Science fiction and fantasy                                            


directed by Shinji Aramaki

Appleseed poster  
The first thing that stands out about Appleseed is the way it looks. The backgrounds are all animated in 3D, giving a textured appearance that lends more realism to the movie. But all the characters look as though they have been drawn using more traditional animation techniques, with solid blocks of colour. In fact the people are also created in 3D, using an unusual method which incorporates motion capture. The effect is distinctive, and not unattractive.

But not amount of distinctive graphics will make up for a lacklustre story, so does Appleseed have any substance beneath its gloss?

The story begins in a post-war city in 2131 with an all-action scene. There's no speech as we watch a female soldier battling killer robots, surviving with a combination of great skill and extraordinary luck. She turns out to be Deunan Knute, an élite soldier. Just when it seems she has met her match she is extracted and taken to the city of Olympus.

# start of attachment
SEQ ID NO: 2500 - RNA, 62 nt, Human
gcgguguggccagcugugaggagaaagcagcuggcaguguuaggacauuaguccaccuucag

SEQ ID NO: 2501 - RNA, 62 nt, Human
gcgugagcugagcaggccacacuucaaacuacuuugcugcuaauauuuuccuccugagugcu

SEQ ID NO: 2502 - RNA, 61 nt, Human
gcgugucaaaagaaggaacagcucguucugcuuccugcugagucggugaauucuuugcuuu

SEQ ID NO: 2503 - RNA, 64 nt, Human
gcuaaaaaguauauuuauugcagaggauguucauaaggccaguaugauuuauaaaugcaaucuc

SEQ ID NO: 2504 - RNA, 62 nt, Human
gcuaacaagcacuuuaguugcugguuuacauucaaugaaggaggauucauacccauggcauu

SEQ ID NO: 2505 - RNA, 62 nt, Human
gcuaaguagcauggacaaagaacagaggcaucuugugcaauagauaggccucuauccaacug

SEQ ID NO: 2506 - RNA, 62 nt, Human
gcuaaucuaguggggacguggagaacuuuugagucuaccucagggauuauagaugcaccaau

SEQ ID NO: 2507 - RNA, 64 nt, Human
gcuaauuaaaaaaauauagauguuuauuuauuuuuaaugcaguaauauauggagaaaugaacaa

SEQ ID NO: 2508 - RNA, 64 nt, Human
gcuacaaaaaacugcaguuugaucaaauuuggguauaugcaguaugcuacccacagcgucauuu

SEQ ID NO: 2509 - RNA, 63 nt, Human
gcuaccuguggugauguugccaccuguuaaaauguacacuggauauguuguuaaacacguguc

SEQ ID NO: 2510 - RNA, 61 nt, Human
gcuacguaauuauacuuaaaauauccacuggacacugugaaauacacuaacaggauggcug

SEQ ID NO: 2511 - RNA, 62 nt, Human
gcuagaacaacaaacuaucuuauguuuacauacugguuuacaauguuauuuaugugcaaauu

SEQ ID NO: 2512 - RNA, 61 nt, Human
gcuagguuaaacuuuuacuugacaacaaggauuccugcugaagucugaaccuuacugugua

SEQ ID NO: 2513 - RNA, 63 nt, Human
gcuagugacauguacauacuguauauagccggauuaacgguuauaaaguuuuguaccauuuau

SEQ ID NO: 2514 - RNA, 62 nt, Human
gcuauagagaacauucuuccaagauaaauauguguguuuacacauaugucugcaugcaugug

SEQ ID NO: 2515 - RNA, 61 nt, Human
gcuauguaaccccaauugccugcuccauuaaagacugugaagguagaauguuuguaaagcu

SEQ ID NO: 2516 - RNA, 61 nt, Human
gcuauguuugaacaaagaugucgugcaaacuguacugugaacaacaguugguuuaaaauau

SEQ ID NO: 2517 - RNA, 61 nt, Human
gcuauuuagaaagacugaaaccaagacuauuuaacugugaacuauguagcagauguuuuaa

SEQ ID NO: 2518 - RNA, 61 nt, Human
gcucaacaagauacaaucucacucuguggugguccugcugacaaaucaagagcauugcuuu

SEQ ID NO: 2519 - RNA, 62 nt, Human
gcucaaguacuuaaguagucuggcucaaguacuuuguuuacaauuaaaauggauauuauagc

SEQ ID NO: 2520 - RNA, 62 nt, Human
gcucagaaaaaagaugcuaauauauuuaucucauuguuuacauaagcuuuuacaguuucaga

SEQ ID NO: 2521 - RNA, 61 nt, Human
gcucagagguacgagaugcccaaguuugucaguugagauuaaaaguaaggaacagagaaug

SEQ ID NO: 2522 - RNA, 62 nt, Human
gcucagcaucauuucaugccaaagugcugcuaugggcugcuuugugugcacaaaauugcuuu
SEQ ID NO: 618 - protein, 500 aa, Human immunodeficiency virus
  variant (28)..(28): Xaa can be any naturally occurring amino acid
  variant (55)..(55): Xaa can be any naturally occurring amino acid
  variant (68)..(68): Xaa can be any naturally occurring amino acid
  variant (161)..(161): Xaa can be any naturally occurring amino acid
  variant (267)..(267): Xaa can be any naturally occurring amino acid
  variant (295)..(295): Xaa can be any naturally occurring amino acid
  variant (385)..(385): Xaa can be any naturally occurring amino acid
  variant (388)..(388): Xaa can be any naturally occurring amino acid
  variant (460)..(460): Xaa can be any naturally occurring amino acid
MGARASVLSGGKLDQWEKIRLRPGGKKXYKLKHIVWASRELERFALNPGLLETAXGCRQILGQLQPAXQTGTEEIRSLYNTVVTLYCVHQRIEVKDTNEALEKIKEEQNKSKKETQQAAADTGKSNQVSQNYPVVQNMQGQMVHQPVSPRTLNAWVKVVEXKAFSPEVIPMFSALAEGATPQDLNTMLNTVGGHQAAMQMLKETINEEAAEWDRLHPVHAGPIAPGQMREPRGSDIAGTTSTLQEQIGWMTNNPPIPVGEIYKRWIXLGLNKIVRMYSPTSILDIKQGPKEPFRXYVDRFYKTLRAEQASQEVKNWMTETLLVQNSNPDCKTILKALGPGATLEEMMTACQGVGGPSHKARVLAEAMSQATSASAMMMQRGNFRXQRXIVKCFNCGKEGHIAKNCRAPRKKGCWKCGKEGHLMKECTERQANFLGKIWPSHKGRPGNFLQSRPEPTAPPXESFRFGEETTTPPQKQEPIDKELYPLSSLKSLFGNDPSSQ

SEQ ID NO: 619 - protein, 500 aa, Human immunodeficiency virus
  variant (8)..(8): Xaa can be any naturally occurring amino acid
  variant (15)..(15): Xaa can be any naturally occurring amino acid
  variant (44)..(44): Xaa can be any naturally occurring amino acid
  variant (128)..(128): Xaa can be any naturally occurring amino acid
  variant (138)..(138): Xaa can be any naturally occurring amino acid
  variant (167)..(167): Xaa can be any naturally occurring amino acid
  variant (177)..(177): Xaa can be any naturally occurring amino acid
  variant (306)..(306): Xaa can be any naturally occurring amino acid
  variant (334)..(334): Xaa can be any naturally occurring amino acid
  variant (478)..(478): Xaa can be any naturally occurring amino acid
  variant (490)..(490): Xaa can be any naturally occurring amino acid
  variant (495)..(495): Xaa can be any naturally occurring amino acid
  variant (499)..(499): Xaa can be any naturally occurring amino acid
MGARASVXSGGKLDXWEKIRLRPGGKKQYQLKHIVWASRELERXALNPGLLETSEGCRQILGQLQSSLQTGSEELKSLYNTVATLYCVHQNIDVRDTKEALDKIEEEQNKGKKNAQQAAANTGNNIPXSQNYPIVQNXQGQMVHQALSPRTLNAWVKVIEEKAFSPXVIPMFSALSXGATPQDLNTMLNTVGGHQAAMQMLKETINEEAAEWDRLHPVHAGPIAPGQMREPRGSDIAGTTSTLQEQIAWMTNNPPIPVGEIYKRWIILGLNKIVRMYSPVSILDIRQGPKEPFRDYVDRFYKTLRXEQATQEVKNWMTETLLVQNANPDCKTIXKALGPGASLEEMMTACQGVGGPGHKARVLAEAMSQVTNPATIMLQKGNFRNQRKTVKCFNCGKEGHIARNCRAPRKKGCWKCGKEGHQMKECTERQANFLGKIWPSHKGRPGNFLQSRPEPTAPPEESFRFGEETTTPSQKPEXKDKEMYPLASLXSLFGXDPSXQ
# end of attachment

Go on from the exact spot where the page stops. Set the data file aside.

Olympus is supposed to be a utopia, a place where humans and Bioroids can co-exist peacefully. Of course, like all places that are labelled utopian you know there's going to be something rotten at its heart. Bioroids are a genetically engineered species designed to live in peace with humans. Although the war is nominally over, there are still people who mistrust Bioroids and suspect them of plotting to replace humanity.

In Olympus Deunan meets Hitomi, who is assigned to show her around. She also has a traumatic reunion with Briareos, her former lover. Briareos was badly injured in battle, and he's now a cyborg. He may be stronger than he was before, but for some reason those who restored him didn't see fit to give him a body that looks remotely human.

Bioroids have their emotions suppressed so that they don't fall in love or get angry easily. But someone obviously is angry, sending robots with orders to kill Deunan. The city is clearly not a safe haven for her, and it all has something to do with whatever is hidden behind the Appleseed seal.

The plot of Appleseed is reasonably diverting, but it's very easy to figure out where it's going. There's quite a lot of spiel about the way mankind's nature is too self-destructive and warlike for our race to survive. Mix in a number of weepy moments amongst all the action and you get a movie that's intended to appeal to most tastes. It takes itself a little too seriously, but nevertheless it's fairly entertaining.

Film Details

Year: 2004

Categories: Films

  Science fiction

Classification: 12

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Final Fantasy VII : Advent Children cover    

Final Fantasy VII : Advent Children by Tetsuya Nomura
The movie sequel to Final Fantasy VII reintroduces some old friends in new guises.

3 star rating

Review © Ros Jackson